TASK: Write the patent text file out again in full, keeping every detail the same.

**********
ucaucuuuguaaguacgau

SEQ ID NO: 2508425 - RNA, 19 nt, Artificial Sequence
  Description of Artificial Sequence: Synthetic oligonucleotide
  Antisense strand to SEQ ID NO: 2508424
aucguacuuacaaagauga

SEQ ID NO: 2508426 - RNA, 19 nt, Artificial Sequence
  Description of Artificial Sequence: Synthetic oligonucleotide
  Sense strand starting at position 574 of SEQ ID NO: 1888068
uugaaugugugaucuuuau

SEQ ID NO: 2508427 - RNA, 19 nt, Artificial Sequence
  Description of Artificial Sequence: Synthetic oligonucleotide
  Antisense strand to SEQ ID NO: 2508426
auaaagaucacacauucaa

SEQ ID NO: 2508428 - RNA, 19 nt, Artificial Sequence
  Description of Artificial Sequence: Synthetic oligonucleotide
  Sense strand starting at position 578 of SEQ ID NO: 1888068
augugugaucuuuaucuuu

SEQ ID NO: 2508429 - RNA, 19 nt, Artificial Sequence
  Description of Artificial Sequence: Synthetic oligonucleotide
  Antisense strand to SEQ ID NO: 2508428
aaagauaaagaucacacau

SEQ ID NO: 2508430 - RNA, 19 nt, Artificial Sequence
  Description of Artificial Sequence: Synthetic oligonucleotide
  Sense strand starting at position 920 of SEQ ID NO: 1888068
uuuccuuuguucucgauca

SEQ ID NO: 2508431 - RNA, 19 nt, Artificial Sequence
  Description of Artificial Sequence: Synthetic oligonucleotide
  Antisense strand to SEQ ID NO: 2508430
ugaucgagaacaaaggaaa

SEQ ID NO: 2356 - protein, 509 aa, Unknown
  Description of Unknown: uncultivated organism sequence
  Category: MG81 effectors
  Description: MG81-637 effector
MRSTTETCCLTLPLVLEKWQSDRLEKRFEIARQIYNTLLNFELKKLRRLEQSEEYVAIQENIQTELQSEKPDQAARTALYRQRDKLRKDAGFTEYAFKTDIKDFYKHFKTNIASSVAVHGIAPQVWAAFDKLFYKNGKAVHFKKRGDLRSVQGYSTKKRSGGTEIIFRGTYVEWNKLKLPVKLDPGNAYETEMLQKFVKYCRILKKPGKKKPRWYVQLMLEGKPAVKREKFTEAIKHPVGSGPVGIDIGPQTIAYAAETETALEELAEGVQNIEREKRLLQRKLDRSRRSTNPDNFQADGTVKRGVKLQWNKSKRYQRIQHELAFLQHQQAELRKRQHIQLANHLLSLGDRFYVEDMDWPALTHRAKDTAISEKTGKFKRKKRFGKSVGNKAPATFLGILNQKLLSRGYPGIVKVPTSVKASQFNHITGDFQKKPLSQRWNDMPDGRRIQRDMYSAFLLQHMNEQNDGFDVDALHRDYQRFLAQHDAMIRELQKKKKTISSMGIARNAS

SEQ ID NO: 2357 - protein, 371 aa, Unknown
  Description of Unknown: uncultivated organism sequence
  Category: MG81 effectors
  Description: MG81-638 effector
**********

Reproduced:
ucaucuuuguaaguacgau

SEQ ID NO: 2508425 - RNA, 19 nt, Artificial Sequence
  Description of Artificial Sequence: Synthetic oligonucleotide
  Antisense strand to SEQ ID NO: 2508424
aucguacuuacaaagauga

SEQ ID NO: 2508426 - RNA, 19 nt, Artificial Sequence
  Description of Artificial Sequence: Synthetic oligonucleotide
  Sense strand starting at position 574 of SEQ ID NO: 1888068
uugaaugugugaucuuuau

SEQ ID NO: 2508427 - RNA, 19 nt, Artificial Sequence
  Description of Artificial Sequence: Synthetic oligonucleotide
  Antisense strand to SEQ ID NO: 2508426
auaaagaucacacauucaa

SEQ ID NO: 2508428 - RNA, 19 nt, Artificial Sequence
  Description of Artificial Sequence: Synthetic oligonucleotide
  Sense strand starting at position 578 of SEQ ID NO: 1888068
augugugaucuuuaucuuu

SEQ ID NO: 2508429 - RNA, 19 nt, Artificial Sequence
  Description of Artificial Sequence: Synthetic oligonucleotide
  Antisense strand to SEQ ID NO: 2508428
aaagauaaagaucacacau

SEQ ID NO: 2508430 - RNA, 19 nt, Artificial Sequence
  Description of Artificial Sequence: Synthetic oligonucleotide
  Sense strand starting at position 920 of SEQ ID NO: 1888068
uuuccuuuguucucgauca

SEQ ID NO: 2508431 - RNA, 19 nt, Artificial Sequence
  Description of Artificial Sequence: Synthetic oligonucleotide
  Antisense strand to SEQ ID NO: 2508430
ugaucgagaacaaaggaaa

SEQ ID NO: 2356 - protein, 509 aa, Unknown
  Description of Unknown: uncultivated organism sequence
  Category: MG81 effectors
  Description: MG81-637 effector
MRSTTETCCLTLPLVLEKWQSDRLEKRFEIARQIYNTLLNFELKKLRRLEQSEEYVAIQENIQTELQSEKPDQAARTALYRQRDKLRKDAGFTEYAFKTDIKDFYKHFKTNIASSVAVHGIAPQVWAAFDKLFYKNGKAVHFKKRGDLRSVQGYSTKKRSGGTEIIFRGTYVEWNKLKLPVKLDPGNAYETEMLQKFVKYCRILKKPGKKKPRWYVQLMLEGKPAVKREKFTEAIKHPVGSGPVGIDIGPQTIAYAAETETALEELAEGVQNIEREKRLLQRKLDRSRRSTNPDNFQADGTVKRGVKLQWNKSKRYQRIQHELAFLQHQQAELRKRQHIQLANHLLSLGDRFYVEDMDWPALTHRAKDTAISEKTGKFKRKKRFGKSVGNKAPATFLGILNQKLLSRGYPGIVKVPTSVKASQFNHITGDFQKKPLSQRWNDMPDGRRIQRDMYSAFLLQHMNEQNDGFDVDALHRDYQRFLAQHDAMIRELQKKKKTISSMGIARNAS

SEQ ID NO: 2357 - protein, 371 aa, Unknown
  Description of Unknown: uncultivated organism sequence
  Category: MG81 effectors
  Description: MG81-638 effector